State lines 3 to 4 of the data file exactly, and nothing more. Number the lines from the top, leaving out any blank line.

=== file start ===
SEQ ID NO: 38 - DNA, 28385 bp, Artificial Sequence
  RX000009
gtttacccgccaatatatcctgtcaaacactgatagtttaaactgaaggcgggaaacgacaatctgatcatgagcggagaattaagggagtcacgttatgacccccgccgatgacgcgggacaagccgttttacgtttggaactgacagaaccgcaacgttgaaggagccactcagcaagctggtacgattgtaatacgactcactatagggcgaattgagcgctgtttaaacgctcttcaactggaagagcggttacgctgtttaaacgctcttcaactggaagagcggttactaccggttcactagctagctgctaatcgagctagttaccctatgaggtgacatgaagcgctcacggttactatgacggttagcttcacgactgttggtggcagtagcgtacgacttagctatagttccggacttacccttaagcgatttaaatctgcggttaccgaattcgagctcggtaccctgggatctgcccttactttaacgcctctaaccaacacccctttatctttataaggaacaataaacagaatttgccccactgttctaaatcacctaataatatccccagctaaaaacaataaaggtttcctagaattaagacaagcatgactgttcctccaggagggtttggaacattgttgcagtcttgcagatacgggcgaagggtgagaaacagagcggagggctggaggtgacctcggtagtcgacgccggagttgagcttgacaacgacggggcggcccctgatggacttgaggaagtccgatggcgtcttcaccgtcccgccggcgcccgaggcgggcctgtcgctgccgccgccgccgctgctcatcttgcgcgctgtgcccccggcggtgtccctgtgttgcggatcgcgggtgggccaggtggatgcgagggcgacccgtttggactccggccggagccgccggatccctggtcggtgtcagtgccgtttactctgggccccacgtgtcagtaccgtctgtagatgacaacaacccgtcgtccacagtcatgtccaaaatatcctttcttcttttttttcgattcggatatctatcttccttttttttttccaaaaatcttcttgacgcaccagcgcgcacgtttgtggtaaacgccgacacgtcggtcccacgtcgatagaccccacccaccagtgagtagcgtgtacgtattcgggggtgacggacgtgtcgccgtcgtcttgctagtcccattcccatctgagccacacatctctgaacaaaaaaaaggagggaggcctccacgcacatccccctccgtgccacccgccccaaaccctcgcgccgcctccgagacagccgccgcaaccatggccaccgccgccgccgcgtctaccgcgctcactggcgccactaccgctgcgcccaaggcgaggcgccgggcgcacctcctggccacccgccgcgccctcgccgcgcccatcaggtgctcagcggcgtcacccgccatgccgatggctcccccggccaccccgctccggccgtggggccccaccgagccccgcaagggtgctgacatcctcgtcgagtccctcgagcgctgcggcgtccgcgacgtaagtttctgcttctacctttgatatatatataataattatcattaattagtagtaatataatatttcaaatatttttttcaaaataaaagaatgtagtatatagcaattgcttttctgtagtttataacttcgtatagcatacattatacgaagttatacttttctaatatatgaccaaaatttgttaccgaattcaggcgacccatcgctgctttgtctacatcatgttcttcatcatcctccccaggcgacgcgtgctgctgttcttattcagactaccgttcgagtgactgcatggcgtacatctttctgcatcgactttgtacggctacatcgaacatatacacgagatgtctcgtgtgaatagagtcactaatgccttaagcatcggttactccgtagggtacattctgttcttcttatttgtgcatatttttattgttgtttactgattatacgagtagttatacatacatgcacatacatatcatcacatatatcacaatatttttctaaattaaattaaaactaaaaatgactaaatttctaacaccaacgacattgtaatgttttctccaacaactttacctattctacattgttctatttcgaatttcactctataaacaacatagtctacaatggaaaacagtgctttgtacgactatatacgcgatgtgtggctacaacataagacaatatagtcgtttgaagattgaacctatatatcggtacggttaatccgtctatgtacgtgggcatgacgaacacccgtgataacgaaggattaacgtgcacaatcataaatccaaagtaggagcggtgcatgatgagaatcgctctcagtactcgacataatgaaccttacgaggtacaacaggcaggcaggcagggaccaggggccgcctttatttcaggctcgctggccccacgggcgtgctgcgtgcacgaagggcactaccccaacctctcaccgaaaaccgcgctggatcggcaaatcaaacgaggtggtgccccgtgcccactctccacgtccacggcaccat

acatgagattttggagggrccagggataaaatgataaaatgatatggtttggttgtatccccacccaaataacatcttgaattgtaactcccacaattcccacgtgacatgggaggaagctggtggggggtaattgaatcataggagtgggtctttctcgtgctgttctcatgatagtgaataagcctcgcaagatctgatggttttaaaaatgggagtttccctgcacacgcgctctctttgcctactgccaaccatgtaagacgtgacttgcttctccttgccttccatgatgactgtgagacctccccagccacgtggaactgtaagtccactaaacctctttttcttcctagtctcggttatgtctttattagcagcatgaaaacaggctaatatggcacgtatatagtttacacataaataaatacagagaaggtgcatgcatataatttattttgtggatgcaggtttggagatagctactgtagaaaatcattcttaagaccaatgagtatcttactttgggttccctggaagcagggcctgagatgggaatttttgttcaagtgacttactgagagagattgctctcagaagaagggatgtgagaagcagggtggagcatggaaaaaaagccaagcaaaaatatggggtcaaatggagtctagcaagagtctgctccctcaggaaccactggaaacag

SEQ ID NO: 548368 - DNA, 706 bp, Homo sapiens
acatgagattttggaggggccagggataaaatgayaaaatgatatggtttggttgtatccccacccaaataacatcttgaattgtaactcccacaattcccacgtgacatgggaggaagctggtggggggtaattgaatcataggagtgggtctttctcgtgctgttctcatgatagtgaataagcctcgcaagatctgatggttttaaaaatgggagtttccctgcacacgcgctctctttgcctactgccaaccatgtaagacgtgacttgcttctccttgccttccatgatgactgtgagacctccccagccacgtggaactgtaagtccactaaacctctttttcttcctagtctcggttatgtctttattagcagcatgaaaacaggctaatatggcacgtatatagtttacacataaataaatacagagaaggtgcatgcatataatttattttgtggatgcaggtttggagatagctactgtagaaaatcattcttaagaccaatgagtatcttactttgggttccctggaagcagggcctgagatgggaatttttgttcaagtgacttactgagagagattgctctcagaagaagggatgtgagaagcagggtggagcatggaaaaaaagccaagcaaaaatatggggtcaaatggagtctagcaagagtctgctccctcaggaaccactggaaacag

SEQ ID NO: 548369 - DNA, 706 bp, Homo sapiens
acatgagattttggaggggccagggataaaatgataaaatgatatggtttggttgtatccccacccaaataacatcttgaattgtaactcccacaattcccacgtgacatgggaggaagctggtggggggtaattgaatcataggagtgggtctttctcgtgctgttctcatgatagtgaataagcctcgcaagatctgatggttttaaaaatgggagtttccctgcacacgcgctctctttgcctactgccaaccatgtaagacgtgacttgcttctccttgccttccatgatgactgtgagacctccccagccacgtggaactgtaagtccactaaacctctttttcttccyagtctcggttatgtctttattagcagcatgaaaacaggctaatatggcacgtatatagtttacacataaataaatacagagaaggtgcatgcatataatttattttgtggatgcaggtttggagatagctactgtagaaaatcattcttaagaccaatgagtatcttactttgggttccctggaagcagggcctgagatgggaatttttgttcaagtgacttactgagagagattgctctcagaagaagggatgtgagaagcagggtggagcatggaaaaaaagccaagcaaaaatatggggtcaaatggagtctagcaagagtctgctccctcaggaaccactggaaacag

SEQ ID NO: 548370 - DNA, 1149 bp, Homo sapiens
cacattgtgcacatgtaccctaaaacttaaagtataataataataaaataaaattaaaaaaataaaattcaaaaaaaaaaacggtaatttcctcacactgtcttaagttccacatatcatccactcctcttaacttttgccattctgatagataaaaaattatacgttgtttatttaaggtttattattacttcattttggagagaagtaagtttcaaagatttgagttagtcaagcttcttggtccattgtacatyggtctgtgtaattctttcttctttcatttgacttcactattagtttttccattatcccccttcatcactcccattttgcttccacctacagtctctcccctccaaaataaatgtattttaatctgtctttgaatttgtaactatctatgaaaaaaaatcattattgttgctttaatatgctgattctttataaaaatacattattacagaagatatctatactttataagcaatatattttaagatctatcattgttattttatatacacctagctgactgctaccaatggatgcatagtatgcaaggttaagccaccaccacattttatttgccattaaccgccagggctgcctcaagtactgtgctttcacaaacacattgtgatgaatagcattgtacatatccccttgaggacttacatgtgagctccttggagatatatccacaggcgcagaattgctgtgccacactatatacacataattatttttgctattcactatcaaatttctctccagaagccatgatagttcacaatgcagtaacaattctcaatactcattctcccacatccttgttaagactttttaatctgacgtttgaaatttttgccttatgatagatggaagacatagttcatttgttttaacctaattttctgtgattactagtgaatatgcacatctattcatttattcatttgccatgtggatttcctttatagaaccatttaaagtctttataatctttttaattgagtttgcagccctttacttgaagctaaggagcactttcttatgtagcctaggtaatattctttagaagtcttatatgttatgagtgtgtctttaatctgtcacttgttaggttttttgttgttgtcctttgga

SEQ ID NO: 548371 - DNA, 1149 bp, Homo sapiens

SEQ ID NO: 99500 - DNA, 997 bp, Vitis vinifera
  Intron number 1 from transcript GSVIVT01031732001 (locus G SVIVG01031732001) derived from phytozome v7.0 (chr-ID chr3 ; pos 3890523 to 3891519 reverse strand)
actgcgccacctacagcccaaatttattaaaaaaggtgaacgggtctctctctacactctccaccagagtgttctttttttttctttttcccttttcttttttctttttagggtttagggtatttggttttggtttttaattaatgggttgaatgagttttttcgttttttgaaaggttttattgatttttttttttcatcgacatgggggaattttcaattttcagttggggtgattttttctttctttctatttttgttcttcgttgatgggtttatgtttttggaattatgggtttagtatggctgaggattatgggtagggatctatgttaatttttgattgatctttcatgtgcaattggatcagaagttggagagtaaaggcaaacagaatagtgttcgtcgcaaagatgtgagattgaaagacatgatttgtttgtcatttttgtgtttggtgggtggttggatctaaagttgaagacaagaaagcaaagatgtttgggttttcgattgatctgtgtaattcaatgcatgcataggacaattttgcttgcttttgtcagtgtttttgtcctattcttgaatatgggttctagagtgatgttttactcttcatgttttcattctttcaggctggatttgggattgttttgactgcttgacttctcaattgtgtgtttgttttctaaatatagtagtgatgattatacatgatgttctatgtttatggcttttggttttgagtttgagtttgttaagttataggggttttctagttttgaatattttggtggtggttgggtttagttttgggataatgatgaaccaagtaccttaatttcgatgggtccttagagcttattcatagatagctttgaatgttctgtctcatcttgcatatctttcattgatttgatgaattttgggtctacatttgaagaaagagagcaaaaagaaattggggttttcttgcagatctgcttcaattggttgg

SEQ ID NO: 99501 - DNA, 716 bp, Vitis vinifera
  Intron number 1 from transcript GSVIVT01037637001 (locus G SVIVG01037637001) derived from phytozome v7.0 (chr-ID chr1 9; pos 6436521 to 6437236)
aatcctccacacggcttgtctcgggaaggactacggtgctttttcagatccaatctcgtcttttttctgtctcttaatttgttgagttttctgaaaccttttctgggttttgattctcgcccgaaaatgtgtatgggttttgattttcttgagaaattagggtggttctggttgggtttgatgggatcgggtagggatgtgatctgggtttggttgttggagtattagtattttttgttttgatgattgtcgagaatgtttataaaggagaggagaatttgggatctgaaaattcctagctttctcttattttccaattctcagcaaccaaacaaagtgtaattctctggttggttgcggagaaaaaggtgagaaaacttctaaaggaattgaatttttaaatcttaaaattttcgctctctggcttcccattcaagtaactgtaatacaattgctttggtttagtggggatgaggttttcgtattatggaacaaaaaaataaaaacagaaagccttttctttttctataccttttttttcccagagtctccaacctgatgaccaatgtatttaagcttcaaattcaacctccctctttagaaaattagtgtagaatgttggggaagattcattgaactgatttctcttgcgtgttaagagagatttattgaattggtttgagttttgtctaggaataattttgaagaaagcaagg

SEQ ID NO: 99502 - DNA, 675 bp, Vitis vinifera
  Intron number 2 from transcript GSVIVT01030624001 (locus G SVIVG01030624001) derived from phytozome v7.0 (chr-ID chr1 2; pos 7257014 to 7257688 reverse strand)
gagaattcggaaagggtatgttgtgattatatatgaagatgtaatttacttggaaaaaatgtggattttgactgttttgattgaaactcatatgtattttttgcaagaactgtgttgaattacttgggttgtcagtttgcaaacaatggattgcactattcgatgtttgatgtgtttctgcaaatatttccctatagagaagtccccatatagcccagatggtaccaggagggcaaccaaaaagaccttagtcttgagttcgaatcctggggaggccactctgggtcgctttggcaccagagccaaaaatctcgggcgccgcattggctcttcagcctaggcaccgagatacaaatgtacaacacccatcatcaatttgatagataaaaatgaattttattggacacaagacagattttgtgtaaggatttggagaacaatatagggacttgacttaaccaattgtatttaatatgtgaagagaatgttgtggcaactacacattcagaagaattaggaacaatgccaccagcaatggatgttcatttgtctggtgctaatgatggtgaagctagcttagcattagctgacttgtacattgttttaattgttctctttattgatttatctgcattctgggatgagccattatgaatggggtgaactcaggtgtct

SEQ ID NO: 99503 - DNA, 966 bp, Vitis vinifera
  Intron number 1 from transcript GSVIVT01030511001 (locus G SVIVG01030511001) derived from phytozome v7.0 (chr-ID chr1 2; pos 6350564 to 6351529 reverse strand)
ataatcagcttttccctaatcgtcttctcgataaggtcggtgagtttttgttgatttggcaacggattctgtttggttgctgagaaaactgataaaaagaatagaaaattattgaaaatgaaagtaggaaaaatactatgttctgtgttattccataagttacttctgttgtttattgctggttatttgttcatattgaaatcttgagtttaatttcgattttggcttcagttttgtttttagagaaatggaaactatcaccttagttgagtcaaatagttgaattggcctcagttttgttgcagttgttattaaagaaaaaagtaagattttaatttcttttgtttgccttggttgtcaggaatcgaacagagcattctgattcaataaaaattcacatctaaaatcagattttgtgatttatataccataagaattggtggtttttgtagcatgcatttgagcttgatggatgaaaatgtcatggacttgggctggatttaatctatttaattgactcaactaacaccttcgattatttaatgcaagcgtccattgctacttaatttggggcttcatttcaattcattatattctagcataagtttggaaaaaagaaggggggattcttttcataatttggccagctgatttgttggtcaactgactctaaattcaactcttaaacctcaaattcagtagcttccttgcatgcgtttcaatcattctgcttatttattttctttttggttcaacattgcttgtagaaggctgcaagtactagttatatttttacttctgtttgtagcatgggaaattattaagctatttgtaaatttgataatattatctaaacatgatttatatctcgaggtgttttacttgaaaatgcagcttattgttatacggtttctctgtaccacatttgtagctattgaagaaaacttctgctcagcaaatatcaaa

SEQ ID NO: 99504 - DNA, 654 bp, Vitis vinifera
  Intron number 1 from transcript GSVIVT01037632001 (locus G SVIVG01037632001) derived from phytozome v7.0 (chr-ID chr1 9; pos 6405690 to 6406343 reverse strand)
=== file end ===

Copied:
gtttacccgccaatatatcctgtcaaacactgatagtttaaactgaaggcgggaaacgacaatctgatcatgagcggagaattaagggagtcacgttatgacccccgccgatgacgcgggacaagccgttttacgtttggaactgacagaaccgcaacgttgaaggagccactcagcaagctggtacgattgtaatacgactcactatagggcgaattgagcgctgtttaaacgctcttcaactggaagagcggttacgctgtttaaacgctcttcaactggaagagcggttactaccggttcactagctagctgctaatcgagctagttaccctatgaggtgacatgaagcgctcacggttactatgacggttagcttcacgactgttggtggcagtagcgtacgacttagctatagttccggacttacccttaagcgatttaaatctgcggttaccgaattcgagctcggtaccctgggatctgcccttactttaacgcctctaaccaacacccctttatctttataaggaacaataaacagaatttgccccactgttctaaatcacctaataatatccccagctaaaaacaataaaggtttcctagaattaagacaagcatgactgttcctccaggagggtttggaacattgttgcagtcttgcagatacgggcgaagggtgagaaacagagcggagggctggaggtgacctcggtagtcgacgccggagttgagcttgacaacgacggggcggcccctgatggacttgaggaagtccgatggcgtcttcaccgtcccgccggcgcccgaggcgggcctgtcgctgccgccgccgccgctgctcatcttgcgcgctgtgcccccggcggtgtccctgtgttgcggatcgcgggtgggccaggtggatgcgagggcgacccgtttggactccggccggagccgccggatccctggtcggtgtcagtgccgtttactctgggccccacgtgtcagtaccgtctgtagatgacaacaacccgtcgtccacagtcatgtccaaaatatcctttcttcttttttttcgattcggatatctatcttccttttttttttccaaaaatcttcttgacgcaccagcgcgcacgtttgtggtaaacgccgacacgtcggtcccacgtcgatagaccccacccaccagtgagtagcgtgtacgtattcgggggtgacggacgtgtcgccgtcgtcttgctagtcccattcccatctgagccacacatctctgaacaaaaaaaaggagggaggcctccacgcacatccccctccgtgccacccgccccaaaccctcgcgccgcctccgagacagccgccgcaaccatggccaccgccgccgccgcgtctaccgcgctcactggcgccactaccgctgcgcccaaggcgaggcgccgggcgcacctcctggccacccgccgcgccctcgccgcgcccatcaggtgctcagcggcgtcacccgccatgccgatggctcccccggccaccccgctccggccgtggggccccaccgagccccgcaagggtgctgacatcctcgtcgagtccctcgagcgctgcggcgtccgcgacgtaagtttctgcttctacctttgatatatatataataattatcattaattagtagtaatataatatttcaaatatttttttcaaaataaaagaatgtagtatatagcaattgcttttctgtagtttataacttcgtatagcatacattatacgaagttatacttttctaatatatgaccaaaatttgttaccgaattcaggcgacccatcgctgctttgtctacatcatgttcttcatcatcctccccaggcgacgcgtgctgctgttcttattcagactaccgttcgagtgactgcatggcgtacatctttctgcatcgactttgtacggctacatcgaacatatacacgagatgtctcgtgtgaatagagtcactaatgccttaagcatcggttactccgtagggtacattctgttcttcttatttgtgcatatttttattgttgtttactgattatacgagtagttatacatacatgcacatacatatcatcacatatatcacaatatttttctaaattaaattaaaactaaaaatgactaaatttctaacaccaacgacattgtaatgttttctccaacaactttacctattctacattgttctatttcgaatttcactctataaacaacatagtctacaatggaaaacagtgctttgtacgactatatacgcgatgtgtggctacaacataagacaatatagtcgtttgaagattgaacctatatatcggtacggttaatccgtctatgtacgtgggcatgacgaacacccgtgataacgaaggattaacgtgcacaatcataaatccaaagtaggagcggtgcatgatgagaatcgctctcagtactcgacataatgaaccttacgaggtacaacaggcaggcaggcagggaccaggggccgcctttatttcaggctcgctggccccacgggcgtgctgcgtgcacgaagggcactaccccaacctctcaccgaaaaccgcgctggatcggcaaatcaaacgaggtggtgccccgtgcccactctccacgtccacggcaccat

acatgagattttggagggrccagggataaaatgataaaatgatatggtttggttgtatccccacccaaataacatcttgaattgtaactcccacaattcccacgtgacatgggaggaagctggtggggggtaattgaatcataggagtgggtctttctcgtgctgttctcatgatagtgaataagcctcgcaagatctgatggttttaaaaatgggagtttccctgcacacgcgctctctttgcctactgccaaccatgtaagacgtgacttgcttctccttgccttccatgatgactgtgagacctccccagccacgtggaactgtaagtccactaaacctctttttcttcctagtctcggttatgtctttattagcagcatgaaaacaggctaatatggcacgtatatagtttacacataaataaatacagagaaggtgcatgcatataatttattttgtggatgcaggtttggagatagctactgtagaaaatcattcttaagaccaatgagtatcttactttgggttccctggaagcagggcctgagatgggaatttttgttcaagtgacttactgagagagattgctctcagaagaagggatgtgagaagcagggtggagcatggaaaaaaagccaagcaaaaatatggggtcaaatggagtctagcaagagtctgctccctcaggaaccactggaaacag